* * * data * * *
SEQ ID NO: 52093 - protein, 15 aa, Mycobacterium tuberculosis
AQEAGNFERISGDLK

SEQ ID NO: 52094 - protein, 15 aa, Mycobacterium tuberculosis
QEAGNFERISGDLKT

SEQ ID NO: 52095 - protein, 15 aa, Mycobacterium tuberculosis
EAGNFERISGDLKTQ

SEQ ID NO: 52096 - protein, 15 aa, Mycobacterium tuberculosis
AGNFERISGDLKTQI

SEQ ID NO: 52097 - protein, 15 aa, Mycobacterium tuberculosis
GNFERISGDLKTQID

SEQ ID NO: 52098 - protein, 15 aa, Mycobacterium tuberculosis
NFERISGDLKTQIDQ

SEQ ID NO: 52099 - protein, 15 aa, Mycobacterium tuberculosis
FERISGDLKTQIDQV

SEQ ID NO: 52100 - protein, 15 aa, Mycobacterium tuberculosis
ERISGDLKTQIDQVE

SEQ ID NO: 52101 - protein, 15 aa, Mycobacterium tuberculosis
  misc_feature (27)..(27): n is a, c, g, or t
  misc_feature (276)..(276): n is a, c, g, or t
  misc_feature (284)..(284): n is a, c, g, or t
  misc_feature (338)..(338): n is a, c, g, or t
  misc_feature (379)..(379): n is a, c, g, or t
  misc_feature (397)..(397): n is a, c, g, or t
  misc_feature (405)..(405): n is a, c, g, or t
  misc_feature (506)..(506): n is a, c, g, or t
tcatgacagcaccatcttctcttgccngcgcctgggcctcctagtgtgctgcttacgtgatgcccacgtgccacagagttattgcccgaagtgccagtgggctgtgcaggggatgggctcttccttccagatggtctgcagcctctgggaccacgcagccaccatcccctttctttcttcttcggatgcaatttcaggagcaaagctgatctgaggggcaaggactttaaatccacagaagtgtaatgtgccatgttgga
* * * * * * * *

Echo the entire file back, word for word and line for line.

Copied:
SEQ ID NO: 52093 - protein, 15 aa, Mycobacterium tuberculosis
AQEAGNFERISGDLK

SEQ ID NO: 52094 - protein, 15 aa, Mycobacterium tuberculosis
QEAGNFERISGDLKT

SEQ ID NO: 52095 - protein, 15 aa, Mycobacterium tuberculosis
EAGNFERISGDLKTQ

SEQ ID NO: 52096 - protein, 15 aa, Mycobacterium tuberculosis
AGNFERISGDLKTQI

SEQ ID NO: 52097 - protein, 15 aa, Mycobacterium tuberculosis
GNFERISGDLKTQID

SEQ ID NO: 52098 - protein, 15 aa, Mycobacterium tuberculosis
NFERISGDLKTQIDQ

SEQ ID NO: 52099 - protein, 15 aa, Mycobacterium tuberculosis
FERISGDLKTQIDQV

SEQ ID NO: 52100 - protein, 15 aa, Mycobacterium tuberculosis
ERISGDLKTQIDQVE

SEQ ID NO: 52101 - protein, 15 aa, Mycobacterium tuberculosis
  misc_feature (27)..(27): n is a, c, g, or t
  misc_feature (276)..(276): n is a, c, g, or t
  misc_feature (284)..(284): n is a, c, g, or t
  misc_feature (338)..(338): n is a, c, g, or t
  misc_feature (379)..(379): n is a, c, g, or t
  misc_feature (397)..(397): n is a, c, g, or t
  misc_feature (405)..(405): n is a, c, g, or t
  misc_feature (506)..(506): n is a, c, g, or t
tcatgacagcaccatcttctcttgccngcgcctgggcctcctagtgtgctgcttacgtgatgcccacgtgccacagagttattgcccgaagtgccagtgggctgtgcaggggatgggctcttccttccagatggtctgcagcctctgggaccacgcagccaccatcccctttctttcttcttcggatgcaatttcaggagcaaagctgatctgaggggcaaggactttaaatccacagaagtgtaatgtgccatgttgga